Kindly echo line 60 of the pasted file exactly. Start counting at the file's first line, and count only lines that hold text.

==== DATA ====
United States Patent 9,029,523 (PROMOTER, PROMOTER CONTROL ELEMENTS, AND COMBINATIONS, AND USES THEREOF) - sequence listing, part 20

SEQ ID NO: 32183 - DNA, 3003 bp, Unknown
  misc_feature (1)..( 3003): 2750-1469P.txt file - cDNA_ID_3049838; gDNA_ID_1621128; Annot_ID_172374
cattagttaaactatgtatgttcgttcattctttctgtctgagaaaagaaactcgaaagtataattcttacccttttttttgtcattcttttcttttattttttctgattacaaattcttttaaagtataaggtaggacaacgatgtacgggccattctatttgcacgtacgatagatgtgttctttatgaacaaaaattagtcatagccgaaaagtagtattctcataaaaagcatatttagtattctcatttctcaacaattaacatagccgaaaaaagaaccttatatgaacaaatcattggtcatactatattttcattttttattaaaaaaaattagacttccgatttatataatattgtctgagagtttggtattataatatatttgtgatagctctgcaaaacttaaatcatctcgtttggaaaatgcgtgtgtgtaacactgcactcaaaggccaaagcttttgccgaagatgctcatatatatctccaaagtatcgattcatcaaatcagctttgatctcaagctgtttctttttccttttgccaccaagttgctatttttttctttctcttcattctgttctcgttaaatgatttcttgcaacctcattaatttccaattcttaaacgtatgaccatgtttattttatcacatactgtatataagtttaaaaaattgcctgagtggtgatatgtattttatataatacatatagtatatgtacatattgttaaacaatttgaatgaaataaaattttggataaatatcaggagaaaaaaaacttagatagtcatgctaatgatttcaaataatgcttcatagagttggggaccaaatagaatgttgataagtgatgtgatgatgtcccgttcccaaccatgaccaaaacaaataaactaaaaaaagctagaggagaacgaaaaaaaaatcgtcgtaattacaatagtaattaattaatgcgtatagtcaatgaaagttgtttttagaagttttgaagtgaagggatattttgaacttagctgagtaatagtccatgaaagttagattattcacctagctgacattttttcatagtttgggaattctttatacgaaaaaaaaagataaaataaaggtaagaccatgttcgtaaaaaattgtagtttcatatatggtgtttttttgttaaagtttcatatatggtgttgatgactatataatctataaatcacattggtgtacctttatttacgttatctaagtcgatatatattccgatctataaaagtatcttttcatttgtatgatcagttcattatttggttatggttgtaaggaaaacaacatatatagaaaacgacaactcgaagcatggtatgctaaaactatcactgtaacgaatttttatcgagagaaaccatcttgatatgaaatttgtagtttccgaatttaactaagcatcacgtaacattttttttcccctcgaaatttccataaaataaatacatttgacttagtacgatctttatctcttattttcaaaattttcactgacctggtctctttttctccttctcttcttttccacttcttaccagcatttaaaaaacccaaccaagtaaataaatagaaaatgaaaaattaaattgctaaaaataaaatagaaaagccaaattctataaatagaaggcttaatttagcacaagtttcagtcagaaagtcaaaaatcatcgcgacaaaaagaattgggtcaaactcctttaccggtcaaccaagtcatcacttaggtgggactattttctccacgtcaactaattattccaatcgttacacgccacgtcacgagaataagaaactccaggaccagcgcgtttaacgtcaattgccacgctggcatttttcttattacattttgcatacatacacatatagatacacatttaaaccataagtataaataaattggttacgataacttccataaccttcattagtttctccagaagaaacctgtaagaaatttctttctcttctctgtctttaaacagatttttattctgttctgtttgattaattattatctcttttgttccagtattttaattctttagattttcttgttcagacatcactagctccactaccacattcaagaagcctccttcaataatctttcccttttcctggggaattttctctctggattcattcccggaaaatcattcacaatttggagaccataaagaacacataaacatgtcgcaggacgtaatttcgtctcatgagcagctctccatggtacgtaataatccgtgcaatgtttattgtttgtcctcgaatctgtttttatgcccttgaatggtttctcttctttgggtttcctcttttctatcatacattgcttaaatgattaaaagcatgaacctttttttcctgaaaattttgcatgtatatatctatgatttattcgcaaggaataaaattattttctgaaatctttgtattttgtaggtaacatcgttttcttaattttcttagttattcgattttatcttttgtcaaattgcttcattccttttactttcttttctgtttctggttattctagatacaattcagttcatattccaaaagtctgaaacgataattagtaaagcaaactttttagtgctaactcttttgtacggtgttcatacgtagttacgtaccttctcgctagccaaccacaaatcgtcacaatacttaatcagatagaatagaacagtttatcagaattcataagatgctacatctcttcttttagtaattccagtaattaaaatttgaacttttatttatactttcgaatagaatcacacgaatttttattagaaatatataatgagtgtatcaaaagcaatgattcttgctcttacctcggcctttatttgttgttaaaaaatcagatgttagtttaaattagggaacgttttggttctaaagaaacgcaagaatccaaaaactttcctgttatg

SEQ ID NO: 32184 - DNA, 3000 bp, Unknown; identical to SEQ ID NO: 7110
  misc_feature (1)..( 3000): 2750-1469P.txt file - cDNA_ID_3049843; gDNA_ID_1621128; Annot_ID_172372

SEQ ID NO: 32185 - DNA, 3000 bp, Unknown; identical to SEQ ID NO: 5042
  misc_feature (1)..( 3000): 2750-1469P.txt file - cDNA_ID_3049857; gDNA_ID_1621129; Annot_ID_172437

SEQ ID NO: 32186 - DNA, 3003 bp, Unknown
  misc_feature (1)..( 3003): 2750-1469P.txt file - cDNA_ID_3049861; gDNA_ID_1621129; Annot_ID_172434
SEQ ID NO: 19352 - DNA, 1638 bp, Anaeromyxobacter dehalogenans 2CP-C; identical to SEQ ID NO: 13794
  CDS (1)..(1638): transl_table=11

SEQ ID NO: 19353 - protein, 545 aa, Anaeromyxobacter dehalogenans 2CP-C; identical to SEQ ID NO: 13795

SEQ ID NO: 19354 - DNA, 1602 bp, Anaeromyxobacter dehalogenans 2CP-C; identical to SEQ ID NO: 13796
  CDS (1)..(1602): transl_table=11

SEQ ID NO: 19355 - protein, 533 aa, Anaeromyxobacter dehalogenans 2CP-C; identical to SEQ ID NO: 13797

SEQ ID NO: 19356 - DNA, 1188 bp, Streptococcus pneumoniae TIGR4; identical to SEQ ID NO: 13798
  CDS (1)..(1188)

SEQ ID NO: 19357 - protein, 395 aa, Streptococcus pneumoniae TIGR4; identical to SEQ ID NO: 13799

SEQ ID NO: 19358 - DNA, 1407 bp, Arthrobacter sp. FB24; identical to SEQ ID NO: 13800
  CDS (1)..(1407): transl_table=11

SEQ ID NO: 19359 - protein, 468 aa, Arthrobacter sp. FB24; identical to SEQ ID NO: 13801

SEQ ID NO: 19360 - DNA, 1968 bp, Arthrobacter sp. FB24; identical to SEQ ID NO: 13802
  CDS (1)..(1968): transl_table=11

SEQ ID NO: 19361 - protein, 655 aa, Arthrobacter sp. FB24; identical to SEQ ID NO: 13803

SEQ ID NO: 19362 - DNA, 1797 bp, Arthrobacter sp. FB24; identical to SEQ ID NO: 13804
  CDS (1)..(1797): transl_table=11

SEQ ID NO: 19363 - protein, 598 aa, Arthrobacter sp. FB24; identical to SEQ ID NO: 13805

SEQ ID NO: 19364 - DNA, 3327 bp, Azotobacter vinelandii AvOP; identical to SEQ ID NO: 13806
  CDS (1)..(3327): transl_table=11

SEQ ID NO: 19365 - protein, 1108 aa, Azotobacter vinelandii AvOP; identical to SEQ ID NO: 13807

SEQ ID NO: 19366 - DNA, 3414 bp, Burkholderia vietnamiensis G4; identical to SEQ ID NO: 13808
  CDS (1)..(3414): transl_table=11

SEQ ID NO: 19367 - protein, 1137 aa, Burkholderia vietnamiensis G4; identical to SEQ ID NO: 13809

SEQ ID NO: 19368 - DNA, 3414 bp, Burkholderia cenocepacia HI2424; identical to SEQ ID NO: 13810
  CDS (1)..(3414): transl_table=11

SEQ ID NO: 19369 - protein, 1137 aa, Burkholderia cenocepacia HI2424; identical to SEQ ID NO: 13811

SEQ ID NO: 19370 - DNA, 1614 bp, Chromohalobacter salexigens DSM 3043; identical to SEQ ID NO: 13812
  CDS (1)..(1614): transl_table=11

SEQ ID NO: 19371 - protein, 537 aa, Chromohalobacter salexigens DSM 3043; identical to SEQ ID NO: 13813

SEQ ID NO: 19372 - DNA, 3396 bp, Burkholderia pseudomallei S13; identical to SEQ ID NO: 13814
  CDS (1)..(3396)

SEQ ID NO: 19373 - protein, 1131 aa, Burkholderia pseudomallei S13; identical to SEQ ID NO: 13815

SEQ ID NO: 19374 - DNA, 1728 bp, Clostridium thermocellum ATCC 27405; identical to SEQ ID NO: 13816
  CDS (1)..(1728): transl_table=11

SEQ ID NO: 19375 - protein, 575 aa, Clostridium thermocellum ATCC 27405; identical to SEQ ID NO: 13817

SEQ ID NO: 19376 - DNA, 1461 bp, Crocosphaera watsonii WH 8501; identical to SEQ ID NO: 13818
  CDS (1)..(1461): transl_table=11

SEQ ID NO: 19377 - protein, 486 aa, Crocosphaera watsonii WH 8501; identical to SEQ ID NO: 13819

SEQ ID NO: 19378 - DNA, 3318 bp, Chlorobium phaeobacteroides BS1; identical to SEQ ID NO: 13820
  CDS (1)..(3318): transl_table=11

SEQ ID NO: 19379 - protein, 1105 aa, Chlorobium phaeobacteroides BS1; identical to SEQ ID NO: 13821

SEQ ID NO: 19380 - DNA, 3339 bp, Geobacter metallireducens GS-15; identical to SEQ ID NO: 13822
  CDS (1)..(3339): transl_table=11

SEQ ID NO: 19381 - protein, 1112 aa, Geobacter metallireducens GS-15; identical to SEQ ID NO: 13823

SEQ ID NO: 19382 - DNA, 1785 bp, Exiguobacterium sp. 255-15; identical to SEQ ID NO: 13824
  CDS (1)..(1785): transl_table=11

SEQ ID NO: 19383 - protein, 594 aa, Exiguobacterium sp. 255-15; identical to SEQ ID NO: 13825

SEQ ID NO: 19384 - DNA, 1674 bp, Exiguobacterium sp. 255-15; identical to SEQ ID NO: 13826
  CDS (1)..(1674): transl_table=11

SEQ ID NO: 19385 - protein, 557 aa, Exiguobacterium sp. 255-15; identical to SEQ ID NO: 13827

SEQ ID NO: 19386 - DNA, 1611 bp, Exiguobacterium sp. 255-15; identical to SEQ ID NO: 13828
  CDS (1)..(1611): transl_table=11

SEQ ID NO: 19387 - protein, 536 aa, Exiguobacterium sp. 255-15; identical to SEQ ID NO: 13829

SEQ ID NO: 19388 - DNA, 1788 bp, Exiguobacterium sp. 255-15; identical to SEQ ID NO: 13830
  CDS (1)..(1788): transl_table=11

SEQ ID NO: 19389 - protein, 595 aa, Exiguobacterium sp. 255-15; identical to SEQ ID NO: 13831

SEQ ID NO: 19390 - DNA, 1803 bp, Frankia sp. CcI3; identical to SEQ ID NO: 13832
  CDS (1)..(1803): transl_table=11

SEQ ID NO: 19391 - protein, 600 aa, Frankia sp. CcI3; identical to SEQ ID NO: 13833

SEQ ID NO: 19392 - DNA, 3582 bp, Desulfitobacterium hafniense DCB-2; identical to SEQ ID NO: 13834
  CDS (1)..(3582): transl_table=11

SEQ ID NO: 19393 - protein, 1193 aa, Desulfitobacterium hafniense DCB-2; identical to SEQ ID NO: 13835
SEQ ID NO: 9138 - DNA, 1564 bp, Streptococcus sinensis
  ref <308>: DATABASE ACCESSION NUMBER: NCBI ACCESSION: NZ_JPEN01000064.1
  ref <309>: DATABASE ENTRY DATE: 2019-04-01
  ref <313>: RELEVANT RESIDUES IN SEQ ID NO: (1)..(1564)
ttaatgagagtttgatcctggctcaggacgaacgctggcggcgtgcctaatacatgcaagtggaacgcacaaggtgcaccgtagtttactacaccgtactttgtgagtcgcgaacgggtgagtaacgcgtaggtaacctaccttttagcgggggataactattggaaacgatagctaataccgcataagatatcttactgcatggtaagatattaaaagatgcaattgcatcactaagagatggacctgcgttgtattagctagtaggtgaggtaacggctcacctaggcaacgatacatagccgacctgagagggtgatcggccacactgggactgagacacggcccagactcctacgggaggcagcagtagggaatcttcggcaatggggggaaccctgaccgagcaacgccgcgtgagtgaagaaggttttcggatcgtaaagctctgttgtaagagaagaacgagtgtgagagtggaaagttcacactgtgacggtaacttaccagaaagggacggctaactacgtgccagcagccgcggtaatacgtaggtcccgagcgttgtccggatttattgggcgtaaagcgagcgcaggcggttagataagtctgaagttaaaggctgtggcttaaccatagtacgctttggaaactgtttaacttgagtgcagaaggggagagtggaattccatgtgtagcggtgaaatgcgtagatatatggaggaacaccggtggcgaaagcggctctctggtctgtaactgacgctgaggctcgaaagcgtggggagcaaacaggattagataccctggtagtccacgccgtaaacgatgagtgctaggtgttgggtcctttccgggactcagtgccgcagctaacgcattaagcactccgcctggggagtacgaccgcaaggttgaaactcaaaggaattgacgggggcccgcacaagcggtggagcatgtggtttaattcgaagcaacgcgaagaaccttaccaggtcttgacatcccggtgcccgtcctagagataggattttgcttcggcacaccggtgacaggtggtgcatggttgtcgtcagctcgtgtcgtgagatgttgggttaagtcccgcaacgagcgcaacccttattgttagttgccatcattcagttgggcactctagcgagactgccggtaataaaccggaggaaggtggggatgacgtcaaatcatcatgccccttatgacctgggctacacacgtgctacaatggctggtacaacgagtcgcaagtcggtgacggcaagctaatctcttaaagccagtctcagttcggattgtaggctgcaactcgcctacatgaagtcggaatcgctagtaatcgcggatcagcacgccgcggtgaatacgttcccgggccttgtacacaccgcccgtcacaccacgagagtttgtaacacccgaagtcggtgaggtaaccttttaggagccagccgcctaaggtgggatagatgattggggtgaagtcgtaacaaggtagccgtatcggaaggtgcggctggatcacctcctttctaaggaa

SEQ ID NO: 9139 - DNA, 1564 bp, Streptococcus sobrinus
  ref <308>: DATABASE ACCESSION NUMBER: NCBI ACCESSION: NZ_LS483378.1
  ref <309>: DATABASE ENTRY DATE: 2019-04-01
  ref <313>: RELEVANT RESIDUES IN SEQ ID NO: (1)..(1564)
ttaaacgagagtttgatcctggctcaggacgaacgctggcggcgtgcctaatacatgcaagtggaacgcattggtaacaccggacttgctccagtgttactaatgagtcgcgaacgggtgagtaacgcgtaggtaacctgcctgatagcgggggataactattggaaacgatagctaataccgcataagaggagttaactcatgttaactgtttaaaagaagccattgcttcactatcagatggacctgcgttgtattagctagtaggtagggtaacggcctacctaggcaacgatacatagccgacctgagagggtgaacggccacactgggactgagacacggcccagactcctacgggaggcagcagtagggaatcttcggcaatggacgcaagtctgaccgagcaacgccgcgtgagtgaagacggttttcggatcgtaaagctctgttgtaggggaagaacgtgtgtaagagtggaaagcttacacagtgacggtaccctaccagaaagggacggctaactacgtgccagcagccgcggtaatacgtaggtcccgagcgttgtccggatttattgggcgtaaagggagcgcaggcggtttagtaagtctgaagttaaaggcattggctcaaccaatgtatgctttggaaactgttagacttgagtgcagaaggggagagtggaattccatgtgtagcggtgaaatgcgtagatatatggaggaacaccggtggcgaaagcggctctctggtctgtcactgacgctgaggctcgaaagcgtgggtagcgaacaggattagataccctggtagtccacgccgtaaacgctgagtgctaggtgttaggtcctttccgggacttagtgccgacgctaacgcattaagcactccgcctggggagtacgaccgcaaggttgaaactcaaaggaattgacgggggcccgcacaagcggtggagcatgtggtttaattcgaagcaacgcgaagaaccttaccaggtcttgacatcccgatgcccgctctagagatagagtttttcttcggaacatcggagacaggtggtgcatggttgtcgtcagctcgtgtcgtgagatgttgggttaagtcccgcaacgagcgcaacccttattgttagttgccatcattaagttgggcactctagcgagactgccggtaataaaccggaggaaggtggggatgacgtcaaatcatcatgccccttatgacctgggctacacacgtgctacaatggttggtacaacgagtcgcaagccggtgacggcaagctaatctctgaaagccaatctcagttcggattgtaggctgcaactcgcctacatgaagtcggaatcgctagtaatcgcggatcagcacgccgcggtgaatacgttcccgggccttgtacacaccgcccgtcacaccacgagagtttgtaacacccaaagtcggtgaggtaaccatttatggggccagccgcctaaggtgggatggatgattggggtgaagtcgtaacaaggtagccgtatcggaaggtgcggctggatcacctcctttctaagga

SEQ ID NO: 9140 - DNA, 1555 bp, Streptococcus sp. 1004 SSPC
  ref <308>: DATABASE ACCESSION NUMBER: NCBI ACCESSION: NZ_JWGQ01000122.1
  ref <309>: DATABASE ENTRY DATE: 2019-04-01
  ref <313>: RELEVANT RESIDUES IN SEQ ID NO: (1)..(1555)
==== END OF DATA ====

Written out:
  CDS (1)..(1674): transl_table=11